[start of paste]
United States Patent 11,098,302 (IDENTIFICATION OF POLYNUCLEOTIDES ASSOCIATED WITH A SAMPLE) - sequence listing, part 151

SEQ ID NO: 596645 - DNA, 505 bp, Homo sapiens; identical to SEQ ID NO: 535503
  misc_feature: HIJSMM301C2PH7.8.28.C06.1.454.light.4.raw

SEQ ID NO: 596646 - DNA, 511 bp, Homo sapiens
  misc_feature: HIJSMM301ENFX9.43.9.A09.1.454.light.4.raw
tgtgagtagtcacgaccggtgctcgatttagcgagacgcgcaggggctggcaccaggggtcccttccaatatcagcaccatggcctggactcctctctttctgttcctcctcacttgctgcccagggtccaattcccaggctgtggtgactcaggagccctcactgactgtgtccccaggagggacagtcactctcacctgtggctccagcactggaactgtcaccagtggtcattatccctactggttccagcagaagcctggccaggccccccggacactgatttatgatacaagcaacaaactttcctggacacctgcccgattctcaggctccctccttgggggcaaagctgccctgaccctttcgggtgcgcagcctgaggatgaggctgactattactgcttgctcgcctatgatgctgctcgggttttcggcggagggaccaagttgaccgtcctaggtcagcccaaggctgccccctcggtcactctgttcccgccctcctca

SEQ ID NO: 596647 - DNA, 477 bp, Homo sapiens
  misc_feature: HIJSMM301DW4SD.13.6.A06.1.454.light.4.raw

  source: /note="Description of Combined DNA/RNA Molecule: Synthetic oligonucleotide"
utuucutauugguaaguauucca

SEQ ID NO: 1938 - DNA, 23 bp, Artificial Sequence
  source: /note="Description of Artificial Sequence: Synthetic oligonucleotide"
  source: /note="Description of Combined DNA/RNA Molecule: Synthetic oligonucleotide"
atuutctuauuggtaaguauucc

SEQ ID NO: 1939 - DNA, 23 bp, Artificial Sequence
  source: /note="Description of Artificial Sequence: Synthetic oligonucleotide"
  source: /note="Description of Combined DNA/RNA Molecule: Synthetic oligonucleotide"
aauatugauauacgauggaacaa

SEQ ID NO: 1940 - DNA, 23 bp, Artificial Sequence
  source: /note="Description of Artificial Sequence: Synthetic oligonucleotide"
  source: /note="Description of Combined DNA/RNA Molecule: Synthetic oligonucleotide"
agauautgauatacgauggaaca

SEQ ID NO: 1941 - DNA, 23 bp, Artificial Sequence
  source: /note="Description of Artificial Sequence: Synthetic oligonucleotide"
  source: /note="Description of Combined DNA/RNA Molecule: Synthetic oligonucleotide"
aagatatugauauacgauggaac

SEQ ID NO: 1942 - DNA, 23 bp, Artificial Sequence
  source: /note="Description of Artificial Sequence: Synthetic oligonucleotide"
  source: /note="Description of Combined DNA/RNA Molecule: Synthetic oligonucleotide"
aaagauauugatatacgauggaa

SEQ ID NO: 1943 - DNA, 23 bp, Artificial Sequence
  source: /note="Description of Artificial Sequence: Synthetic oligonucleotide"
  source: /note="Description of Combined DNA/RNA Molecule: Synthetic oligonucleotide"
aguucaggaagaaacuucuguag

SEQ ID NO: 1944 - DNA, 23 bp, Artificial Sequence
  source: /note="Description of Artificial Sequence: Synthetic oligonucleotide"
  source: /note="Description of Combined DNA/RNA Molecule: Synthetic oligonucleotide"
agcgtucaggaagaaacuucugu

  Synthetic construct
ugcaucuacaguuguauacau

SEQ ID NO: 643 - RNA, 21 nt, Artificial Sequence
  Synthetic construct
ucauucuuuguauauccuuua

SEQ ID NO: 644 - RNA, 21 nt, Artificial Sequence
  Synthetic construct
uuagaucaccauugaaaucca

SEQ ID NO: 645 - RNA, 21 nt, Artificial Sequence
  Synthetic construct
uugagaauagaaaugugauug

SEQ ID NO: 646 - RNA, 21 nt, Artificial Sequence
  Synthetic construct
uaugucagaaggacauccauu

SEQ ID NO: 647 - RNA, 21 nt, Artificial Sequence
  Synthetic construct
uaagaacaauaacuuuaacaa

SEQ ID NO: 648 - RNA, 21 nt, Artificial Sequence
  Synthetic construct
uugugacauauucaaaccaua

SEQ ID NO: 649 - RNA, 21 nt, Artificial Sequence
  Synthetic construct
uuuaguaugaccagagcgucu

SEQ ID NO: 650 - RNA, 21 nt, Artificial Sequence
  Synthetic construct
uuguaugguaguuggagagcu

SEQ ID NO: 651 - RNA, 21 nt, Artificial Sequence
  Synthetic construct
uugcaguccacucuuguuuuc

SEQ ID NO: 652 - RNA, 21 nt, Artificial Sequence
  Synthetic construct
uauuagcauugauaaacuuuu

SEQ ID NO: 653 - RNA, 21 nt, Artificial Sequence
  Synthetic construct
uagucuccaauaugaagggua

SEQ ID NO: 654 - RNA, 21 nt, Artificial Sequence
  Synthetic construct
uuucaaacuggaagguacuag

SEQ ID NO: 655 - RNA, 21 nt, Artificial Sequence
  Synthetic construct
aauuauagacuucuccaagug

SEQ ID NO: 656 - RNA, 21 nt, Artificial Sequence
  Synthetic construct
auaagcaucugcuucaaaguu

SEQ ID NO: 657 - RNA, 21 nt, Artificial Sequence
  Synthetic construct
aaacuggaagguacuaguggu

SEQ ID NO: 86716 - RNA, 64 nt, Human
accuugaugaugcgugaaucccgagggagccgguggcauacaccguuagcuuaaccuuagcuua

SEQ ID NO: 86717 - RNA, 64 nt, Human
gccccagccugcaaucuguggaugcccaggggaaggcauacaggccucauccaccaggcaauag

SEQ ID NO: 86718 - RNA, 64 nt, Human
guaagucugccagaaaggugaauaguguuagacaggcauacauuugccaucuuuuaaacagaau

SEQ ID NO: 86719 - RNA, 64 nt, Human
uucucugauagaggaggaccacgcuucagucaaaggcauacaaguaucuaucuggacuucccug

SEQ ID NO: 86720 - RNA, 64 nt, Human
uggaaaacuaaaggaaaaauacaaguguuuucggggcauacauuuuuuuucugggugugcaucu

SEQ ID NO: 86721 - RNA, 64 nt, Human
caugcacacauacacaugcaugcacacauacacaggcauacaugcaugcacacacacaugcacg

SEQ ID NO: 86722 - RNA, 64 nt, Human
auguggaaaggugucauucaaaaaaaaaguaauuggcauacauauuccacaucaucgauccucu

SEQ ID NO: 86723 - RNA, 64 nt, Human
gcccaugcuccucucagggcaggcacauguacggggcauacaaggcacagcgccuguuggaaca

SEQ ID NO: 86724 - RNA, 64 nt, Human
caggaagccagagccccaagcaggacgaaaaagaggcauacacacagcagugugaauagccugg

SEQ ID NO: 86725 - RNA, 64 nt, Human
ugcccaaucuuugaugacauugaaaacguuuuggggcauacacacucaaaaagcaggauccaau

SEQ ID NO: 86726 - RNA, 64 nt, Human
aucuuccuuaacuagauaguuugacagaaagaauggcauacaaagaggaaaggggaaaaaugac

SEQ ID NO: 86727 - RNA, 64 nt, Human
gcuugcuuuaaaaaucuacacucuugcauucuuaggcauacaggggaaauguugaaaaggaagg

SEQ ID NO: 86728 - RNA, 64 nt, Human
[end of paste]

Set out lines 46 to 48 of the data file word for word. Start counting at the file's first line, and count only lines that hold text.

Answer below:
uuagaucaccauugaaaucca

SEQ ID NO: 645 - RNA, 21 nt, Artificial Sequence
  Synthetic construct